Media Visualizations - illustrations
Manovich, Lev. “Media Visualization: Visual Techniques for Exploring Large Media Collections.” in Media Studies Futures, ed. Kelly Gates (Blackwell, 2012).
(See other examples of media visualizations created by Software Studies Initiative, see www.flickr.com/photos/culturevis/collections/.)
Each image below is linked to a high resolution version on Flickr.
FIGURE 1: Exploring a visualization of one million manga pages on HIPerSpace visual supercomputer.
FIGURE 2: Image plot of 4,535 covers of Time magazine (Jeremy Douglass and Lev Manovich, 2009). X-axis: publication dates. Y-axis: average saturation of each cover (mean value). Red borders are placed around the covers tagged as “compositions.”
FIGURE 3: Montage of all 4,535 covers of Time magazine organized by publication date (1923 to 2009) from left to right and top to bottom (Jeremy Douglass and Lev Manovich, 2009).
FIGURES 4 AND 5: Kingdom Hearts video game play visualizations. William Huber and Lev Manovich, 2010. Left image: Kingdom Hearts (2002, Square Co., Ltd.). Right image: Kingdom Hearts II (2005, Square-Enix, Inc.). Each game was played from beginning to end over a number of sessions. Kingdom Hearts game play: 62.5 hours of game play, in 29 sessions over 20 days. Kingdom Hearts II game play: 37 hours of game play, in 16 sessions over 18 days. The video captured from all game sessions of each game were assembled into a singe sequence. The sequences were sampled at six frames per second. This resulted in 225,000 frames for Kingdom Hearts and 133,000 frames for Kingdom Hearts II. The visualizations use every 10th frame from the complete frame sets. Frames are organized in a grid in order of game play (left to right, top to bottom).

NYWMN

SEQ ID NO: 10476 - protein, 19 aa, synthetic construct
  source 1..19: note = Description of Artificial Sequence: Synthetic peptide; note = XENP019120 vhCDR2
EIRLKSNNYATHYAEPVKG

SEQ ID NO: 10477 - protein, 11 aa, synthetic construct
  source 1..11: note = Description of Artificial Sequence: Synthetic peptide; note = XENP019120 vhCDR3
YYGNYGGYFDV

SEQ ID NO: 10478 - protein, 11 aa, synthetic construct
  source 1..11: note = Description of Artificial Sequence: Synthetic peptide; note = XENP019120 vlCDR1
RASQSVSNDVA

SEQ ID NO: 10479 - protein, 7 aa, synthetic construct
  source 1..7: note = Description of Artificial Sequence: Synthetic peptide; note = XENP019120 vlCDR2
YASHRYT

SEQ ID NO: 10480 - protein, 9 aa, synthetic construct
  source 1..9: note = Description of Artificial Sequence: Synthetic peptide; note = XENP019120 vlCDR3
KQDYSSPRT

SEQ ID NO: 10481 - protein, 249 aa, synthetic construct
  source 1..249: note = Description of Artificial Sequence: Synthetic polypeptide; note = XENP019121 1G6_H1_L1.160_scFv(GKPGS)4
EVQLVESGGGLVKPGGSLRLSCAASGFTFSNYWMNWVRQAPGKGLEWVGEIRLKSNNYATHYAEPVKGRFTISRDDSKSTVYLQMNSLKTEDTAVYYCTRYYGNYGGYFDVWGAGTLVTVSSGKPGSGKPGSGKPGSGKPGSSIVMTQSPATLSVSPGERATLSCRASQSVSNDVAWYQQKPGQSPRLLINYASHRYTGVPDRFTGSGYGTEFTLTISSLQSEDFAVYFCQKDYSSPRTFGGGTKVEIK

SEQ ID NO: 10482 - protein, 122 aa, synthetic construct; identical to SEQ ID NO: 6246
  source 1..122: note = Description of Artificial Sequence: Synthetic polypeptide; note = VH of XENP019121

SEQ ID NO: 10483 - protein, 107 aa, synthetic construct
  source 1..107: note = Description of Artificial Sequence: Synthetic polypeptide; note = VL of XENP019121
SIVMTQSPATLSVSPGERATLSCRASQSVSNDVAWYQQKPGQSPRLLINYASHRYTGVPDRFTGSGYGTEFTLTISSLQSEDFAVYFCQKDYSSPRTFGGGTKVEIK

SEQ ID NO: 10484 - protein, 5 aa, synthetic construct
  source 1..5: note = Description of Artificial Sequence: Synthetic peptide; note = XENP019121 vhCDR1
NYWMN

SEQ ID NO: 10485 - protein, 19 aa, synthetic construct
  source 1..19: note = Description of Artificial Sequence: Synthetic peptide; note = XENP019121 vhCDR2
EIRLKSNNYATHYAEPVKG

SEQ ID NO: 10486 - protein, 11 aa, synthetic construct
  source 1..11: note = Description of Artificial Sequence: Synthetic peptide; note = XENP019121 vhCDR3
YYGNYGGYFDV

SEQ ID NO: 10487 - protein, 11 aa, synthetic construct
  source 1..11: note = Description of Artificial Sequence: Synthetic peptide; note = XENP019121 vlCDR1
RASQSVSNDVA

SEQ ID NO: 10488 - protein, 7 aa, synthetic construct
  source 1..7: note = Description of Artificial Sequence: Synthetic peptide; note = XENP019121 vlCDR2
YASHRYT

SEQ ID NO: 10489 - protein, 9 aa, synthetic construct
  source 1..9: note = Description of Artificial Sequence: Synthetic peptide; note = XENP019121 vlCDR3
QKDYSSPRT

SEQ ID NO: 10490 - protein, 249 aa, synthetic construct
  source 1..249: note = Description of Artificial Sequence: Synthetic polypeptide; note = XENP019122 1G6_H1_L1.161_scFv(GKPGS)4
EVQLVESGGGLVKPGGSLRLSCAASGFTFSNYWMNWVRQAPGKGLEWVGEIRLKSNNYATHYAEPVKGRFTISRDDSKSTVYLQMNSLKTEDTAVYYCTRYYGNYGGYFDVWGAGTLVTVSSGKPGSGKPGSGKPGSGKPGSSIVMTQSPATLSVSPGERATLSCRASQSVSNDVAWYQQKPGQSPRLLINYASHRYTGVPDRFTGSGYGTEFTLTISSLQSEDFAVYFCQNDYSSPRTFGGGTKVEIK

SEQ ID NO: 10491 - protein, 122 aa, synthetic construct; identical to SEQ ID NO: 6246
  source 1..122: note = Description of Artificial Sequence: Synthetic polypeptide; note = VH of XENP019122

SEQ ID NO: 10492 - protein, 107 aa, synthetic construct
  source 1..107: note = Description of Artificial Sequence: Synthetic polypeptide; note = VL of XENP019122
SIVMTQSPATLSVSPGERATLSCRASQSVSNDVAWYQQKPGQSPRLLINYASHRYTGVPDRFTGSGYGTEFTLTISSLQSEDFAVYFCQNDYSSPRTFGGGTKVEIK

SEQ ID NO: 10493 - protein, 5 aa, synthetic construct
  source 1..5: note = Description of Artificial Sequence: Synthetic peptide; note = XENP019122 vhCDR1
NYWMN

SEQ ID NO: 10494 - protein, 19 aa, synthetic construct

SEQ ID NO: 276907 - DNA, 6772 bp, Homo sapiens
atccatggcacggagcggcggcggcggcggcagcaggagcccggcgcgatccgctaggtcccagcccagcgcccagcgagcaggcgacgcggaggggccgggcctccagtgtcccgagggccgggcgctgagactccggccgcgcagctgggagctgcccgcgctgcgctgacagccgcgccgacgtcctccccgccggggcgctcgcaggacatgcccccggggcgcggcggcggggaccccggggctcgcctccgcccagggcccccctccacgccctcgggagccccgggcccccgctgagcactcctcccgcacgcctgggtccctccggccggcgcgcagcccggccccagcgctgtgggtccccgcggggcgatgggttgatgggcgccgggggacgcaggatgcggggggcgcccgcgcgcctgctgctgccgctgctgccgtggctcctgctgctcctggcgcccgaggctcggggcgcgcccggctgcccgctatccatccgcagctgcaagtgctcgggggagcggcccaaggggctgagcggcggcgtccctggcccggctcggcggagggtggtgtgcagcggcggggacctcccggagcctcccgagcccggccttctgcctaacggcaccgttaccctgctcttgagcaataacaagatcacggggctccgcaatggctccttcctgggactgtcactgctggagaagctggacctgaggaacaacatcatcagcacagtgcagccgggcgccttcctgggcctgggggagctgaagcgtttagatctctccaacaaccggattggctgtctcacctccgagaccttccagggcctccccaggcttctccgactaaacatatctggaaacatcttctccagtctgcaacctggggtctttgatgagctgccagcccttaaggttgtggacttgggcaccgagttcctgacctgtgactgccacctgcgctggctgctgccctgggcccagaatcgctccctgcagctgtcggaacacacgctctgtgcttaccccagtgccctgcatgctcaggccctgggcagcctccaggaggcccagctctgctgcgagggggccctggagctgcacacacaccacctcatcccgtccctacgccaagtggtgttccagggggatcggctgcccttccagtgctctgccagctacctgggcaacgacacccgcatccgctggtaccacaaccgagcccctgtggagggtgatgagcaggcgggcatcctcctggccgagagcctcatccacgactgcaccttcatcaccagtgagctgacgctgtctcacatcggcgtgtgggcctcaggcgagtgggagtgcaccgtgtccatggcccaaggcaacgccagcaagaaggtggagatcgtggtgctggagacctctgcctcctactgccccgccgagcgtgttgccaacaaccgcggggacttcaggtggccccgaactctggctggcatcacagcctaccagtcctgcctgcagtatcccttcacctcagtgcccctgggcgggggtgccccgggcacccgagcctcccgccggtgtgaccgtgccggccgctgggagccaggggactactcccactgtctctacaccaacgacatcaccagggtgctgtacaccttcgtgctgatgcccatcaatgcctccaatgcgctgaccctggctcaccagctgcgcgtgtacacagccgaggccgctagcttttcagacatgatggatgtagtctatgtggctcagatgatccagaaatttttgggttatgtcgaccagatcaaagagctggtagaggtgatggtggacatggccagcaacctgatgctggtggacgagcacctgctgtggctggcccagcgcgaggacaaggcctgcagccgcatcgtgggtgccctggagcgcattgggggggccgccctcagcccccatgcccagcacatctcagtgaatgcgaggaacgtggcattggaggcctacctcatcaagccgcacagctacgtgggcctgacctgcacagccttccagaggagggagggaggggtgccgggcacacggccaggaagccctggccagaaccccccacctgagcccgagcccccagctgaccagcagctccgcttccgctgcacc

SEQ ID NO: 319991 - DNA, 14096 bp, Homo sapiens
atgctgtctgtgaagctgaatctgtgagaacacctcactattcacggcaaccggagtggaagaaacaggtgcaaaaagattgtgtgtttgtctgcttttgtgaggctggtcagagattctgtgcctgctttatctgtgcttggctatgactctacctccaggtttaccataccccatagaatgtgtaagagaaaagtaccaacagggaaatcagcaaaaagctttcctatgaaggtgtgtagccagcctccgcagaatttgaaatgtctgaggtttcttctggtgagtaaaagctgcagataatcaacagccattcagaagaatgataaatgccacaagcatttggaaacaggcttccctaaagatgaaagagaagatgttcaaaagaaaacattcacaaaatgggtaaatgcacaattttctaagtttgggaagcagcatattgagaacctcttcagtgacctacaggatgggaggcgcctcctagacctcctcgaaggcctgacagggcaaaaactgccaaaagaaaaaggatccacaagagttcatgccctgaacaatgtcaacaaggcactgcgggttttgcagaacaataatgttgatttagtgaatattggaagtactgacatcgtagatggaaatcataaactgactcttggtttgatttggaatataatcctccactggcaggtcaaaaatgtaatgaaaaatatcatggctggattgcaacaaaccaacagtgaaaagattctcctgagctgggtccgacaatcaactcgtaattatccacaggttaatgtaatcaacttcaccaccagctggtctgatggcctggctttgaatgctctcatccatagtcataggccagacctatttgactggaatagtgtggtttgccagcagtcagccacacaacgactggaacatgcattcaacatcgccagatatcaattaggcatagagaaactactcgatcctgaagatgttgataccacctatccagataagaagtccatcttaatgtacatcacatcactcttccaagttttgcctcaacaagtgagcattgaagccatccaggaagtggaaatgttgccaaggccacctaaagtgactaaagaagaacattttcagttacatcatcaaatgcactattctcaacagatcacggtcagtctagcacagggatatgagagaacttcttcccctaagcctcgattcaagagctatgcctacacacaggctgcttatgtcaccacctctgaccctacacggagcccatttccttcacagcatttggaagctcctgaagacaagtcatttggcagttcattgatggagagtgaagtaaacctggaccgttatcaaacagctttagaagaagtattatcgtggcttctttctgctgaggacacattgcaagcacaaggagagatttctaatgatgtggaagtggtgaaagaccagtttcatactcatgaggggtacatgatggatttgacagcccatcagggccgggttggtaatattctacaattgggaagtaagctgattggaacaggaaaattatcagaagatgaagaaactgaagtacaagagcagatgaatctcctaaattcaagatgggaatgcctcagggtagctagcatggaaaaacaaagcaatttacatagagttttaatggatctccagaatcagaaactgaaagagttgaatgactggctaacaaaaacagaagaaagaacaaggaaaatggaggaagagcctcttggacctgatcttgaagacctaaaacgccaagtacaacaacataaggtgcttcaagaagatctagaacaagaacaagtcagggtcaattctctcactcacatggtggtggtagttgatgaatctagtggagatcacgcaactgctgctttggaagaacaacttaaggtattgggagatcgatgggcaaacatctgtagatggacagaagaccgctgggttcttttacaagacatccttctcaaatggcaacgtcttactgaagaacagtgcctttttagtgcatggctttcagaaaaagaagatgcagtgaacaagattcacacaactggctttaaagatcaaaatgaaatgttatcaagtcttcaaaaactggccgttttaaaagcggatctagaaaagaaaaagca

FIGURE 6: Slice of 4,535 covers of Time magazine organized by publication date (from 1923 to 2009, left to right) (Jeremy Douglass and Lev Manovich, 2009). Every one-pixel wide vertical column is a sampled from a corresponding cover.
FIGURE 7: Visualization of The Eleventh Year (Dziga Vertov, 1928). The film is sampled at one frame per second. The resulting 3,507 frames are organized left to right and top to bottom following their order in the film.
FIGURE 8: Visualization of The Eleventh Year (Dziga Vertov, 1928). Every shot in the film is represented by its first frame. Frames are organized left to right and top to bottom following the order of shots in the film.
FIGURE 9: Visualization of The Eleventh Year (Vertov, 1928). Each column represents one shot in the film using its first frame (top row) and last frame (bottom row). The shots are organized left to right following their order in the film.